He said, “You said you were going to kill me, but I’m going to kill you.” Like he was still clearly in the dream. But he then ran and got into his truck and started driving, and he was still asleep. My mom called the police. She said, “My husband’s left the house. He’s driving but sort of asleep.” When they finally found him, he didn’t really know where he was, but they, because of the 911 call, they had no choice but to put him in jail for domestic assault. They don’t really have laws to deal with this situation.
AD: This is why you don’t call 911, ever.
Greg Cartwright: This is why people are talking about Defund the Police, right? They don’t have the tools to deal with those situations in a way that’s helpful to people who are in distress. And also, I mean, my mom was terrified because he’s kind of her caregiver. So he went to jail, at the beginning of COVID, a man in his late 70s…
AD: It’s a nightmare.
Greg Cartwright: Yeah. It was so terrifying. So, I had to go and try to help them navigate that. Even once he got out of jail, he couldn’t go home because there was a no contact order. She wanted him home, and he wanted to go home, but we had to get all this stuff worked out, so I had to go to Memphis and work on that issue for a month.
That kind of jarred a lot of things loose inside of me. It gave me, I don’t know how or why, but it allowed me to write. On the back side of that, when I went back home to Asheville, I couldn’t get a test. They were really overwhelmed with the testing. I couldn’t get a test. So, I had to stay in a rental house. I couldn’t go home to my family for about a month because I didn’t want to get them sick.
I’d already experienced a lot of isolation, but then I had a whole month by myself, and that was when songs started coming out. They came out really quickly.
When I’m writing songs, it’s mostly melodies that come to me. Then, later, I try to find a way to translate the melody into some kind of lyric that correlates to the feeling or the mood of the melody. I don’t think a lot about what it is that I’m saying until after it’s done. I didn’t think I was writing a pandemic song, but it’s about as close as I come to one. I think at the time I was thinking, oh this is about someone who really misses doing things with their friends and stuff, and then of course, I was thinking about all the things I couldn’t do.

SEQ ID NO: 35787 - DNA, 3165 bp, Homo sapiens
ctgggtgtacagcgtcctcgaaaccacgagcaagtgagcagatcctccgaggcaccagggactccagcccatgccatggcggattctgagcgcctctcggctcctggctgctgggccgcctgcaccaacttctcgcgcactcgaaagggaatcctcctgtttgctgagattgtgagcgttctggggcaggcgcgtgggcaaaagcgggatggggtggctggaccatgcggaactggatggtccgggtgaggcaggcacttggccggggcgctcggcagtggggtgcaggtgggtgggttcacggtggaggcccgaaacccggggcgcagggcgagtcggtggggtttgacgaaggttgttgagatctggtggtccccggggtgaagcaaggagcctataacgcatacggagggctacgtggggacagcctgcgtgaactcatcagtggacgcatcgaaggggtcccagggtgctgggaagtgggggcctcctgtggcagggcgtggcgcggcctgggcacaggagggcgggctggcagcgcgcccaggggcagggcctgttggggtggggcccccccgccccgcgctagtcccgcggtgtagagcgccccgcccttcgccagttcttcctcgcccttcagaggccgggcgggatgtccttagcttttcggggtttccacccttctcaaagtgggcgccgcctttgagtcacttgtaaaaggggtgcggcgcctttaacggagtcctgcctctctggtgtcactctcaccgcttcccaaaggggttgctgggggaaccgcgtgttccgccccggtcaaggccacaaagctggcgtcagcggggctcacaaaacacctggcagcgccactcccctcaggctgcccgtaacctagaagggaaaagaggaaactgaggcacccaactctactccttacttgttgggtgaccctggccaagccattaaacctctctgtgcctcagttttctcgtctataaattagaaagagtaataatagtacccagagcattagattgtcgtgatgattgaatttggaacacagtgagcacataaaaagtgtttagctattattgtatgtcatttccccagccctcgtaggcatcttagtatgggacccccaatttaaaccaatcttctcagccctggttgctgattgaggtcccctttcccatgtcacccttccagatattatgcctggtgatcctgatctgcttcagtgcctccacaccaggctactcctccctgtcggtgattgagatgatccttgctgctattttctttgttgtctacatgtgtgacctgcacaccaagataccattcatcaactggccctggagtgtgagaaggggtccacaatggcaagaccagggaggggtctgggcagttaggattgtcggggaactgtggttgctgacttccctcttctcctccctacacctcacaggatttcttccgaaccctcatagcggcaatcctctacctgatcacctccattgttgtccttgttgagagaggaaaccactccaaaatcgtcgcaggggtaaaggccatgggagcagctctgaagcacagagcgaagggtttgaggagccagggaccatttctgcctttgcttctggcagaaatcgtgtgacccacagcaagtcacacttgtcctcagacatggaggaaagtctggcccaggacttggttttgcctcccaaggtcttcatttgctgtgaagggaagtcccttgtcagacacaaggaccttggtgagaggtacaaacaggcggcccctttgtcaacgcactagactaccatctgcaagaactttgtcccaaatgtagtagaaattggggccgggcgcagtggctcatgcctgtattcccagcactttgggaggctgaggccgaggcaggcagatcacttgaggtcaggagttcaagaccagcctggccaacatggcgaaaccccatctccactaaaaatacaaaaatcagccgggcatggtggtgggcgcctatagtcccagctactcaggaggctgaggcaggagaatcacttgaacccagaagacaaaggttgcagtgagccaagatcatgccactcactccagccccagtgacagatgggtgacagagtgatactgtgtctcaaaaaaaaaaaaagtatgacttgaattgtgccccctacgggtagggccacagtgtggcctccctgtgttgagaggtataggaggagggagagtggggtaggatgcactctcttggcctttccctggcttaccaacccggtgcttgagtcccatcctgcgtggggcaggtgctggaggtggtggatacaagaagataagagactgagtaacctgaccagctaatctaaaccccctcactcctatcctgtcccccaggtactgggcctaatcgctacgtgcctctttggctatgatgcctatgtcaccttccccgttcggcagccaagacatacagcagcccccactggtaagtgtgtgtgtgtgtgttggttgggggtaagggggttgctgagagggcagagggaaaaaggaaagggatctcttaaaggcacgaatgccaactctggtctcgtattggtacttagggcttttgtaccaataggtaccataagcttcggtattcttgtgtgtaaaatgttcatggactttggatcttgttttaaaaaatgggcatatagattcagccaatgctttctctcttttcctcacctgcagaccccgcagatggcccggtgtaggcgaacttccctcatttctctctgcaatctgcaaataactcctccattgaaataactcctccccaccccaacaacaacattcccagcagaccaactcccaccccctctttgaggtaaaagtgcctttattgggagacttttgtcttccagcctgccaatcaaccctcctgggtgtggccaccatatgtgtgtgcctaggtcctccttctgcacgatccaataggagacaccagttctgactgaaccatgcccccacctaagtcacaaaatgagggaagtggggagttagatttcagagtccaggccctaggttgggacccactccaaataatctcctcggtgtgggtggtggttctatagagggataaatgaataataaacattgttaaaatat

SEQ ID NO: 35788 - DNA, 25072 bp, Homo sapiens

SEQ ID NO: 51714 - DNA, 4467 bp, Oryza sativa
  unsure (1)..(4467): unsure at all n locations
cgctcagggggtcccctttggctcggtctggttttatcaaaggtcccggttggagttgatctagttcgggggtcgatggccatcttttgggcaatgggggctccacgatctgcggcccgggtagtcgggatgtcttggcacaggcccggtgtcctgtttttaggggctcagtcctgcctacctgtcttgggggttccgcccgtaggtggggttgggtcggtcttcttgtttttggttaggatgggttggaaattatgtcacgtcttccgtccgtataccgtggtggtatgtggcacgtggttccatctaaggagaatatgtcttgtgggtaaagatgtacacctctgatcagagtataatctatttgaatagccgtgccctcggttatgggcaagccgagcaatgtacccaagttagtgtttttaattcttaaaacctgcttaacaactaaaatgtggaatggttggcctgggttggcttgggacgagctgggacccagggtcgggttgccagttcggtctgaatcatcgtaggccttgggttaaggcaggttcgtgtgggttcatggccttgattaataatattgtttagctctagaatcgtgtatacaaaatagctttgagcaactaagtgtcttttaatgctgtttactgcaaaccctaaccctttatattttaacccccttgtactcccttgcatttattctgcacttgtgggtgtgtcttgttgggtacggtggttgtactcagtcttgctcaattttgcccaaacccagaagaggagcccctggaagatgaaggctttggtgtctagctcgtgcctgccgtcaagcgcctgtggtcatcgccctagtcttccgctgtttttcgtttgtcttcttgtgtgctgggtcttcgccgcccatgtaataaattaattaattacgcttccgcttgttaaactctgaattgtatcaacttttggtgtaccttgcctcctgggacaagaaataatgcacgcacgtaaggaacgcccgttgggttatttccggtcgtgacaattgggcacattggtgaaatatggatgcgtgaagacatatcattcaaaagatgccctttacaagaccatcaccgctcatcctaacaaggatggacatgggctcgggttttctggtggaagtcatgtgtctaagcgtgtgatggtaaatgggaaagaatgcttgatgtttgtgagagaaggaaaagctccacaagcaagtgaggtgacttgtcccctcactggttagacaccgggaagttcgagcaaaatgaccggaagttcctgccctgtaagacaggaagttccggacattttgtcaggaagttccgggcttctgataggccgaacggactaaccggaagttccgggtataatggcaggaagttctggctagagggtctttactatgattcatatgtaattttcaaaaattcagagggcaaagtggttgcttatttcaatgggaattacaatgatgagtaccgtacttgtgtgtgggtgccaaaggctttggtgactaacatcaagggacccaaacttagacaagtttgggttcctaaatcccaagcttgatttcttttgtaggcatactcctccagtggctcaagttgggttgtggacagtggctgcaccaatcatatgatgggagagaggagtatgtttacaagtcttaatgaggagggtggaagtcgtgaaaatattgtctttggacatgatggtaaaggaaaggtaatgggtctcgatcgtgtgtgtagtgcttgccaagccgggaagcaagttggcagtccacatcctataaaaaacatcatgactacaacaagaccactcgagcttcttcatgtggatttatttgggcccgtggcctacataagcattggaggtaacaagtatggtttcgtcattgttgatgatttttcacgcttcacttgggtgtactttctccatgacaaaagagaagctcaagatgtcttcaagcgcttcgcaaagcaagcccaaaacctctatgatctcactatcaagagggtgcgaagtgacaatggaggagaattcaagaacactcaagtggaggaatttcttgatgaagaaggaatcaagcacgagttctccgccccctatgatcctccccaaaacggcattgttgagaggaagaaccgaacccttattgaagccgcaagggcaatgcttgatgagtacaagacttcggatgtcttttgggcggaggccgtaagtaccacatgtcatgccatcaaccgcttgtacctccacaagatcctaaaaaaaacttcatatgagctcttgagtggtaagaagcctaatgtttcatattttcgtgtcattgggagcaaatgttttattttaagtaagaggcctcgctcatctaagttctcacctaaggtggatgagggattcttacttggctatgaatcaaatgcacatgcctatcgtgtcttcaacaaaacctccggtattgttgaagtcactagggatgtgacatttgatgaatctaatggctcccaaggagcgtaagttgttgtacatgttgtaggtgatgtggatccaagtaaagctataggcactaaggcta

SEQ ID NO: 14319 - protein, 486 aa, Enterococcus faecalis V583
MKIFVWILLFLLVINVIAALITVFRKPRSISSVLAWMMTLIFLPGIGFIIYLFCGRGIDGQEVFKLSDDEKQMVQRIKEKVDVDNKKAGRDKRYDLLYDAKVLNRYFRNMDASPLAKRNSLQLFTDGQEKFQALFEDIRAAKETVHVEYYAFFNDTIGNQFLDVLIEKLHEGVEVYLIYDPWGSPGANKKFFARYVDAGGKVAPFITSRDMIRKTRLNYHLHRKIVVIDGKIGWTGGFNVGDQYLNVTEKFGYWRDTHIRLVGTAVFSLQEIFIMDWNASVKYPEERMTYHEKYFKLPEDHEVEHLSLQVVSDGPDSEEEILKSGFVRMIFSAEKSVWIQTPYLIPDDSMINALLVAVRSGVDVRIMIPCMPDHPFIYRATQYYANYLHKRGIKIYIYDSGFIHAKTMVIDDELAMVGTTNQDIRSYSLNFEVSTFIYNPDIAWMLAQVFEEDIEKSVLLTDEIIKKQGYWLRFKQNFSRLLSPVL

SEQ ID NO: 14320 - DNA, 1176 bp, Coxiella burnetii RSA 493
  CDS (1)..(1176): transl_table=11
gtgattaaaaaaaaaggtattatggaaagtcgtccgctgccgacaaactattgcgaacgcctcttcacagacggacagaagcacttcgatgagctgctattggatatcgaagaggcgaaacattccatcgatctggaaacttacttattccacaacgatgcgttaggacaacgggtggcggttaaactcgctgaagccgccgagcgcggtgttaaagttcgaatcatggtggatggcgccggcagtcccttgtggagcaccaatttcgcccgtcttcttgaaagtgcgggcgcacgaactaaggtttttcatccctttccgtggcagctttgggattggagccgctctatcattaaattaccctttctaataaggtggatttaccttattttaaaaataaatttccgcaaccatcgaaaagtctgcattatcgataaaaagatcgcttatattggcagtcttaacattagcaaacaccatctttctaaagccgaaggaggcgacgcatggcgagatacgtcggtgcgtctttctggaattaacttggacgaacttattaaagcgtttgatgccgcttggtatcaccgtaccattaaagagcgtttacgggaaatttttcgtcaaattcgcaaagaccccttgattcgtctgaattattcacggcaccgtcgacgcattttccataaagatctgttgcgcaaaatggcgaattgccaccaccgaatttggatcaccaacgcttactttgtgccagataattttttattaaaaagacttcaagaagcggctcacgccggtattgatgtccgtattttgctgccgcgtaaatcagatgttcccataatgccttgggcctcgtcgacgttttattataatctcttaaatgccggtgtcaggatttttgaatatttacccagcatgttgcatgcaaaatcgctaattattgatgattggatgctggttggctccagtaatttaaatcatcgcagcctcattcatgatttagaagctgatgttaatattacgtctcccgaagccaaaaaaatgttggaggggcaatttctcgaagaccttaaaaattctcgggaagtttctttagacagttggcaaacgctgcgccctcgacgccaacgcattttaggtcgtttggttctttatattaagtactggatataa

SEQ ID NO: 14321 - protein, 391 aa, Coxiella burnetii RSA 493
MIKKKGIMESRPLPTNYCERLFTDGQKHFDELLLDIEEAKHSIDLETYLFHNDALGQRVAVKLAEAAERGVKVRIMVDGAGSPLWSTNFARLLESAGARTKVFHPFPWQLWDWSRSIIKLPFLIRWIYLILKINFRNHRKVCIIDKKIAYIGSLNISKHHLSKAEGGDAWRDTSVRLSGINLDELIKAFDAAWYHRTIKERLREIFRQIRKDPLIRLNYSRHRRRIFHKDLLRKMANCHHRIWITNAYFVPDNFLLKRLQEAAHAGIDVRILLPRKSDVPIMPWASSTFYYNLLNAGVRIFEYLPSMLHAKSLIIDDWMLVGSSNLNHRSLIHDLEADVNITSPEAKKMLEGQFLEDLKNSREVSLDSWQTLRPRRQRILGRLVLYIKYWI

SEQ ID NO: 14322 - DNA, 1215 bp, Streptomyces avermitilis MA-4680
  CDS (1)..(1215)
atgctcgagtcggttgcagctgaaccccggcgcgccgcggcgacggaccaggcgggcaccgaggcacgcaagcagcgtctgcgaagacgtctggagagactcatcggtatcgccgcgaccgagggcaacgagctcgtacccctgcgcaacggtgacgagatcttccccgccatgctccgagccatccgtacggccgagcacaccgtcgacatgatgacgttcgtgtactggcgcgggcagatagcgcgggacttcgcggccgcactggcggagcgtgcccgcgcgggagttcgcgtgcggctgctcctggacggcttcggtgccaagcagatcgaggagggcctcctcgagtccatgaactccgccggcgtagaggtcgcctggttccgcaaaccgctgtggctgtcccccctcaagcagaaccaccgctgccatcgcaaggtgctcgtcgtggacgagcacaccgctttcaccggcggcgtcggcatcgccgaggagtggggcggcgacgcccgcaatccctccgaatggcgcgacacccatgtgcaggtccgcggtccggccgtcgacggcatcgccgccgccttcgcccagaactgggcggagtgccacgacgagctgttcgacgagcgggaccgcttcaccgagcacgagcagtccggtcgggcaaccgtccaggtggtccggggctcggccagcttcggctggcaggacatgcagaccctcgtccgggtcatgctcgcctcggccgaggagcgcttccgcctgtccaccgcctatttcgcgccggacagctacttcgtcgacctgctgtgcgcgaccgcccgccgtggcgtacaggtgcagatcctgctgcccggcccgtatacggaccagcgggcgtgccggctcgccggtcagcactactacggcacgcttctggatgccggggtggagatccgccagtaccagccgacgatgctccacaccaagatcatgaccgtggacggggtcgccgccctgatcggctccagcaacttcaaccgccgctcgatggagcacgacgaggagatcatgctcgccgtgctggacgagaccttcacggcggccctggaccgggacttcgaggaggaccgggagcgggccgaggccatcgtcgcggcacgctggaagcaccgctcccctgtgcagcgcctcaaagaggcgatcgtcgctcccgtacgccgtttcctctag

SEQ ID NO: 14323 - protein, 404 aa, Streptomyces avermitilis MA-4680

AD: It’s interesting, because I think the pandemic has shown us is that what we miss are the simplest the little things.
Greg Cartwright: Exactly.
AD: How’s your dad doing by the way?
Greg Cartwright: He’s doing much better.
AD: Good, because my dad had a very similar thing, and we thought he had Lewy Body Dementia. He’s gone now.
Greg Cartwright: I think that those kinds of things are brought on by stress. This whole thing. You talk about what people are doing during the pandemic. He had gone full bore into his gardening, which is why he was totally exhausted. He was probably stressed out and thinking about the pandemic and thinking about some level of fear that’s always constantly in the background. About, what’s going on? What’s happening to the world? And then Trump and all that stuff just adds fuel to that. I think that yeah, that’s …stress is what makes things like that happen.
AD: That’s something we’re going to have to deal with for years. People having this traumatic response to what’s going on.
Greg Cartwright: Oh, it’s definitely a trauma. It’s going to make a mark on this generation, the same way that the depression did. When I think about my grandmother, who I spent a lot of time with growing up, she threw nothing away. Everything was kept, and if there was a little piece of something, it was kept, wrapped up and very meticulously stored. It came from the fact that she didn’t know if she would have any food the next day. Those kind of traumas led to her being a hoarder most of her life. There’s going to be similar aftershocks from the pandemic.
AD: Just to change the subject completely, I was noticing what a really full rich sound you have on a “Little More Time,” beautiful organ, multiple guitars, the bass and the drums. I feel like I’ve been on a pretty steady diet of people on the couch with their guitar, and it sounds so good. How much have you been able to play with a band this year?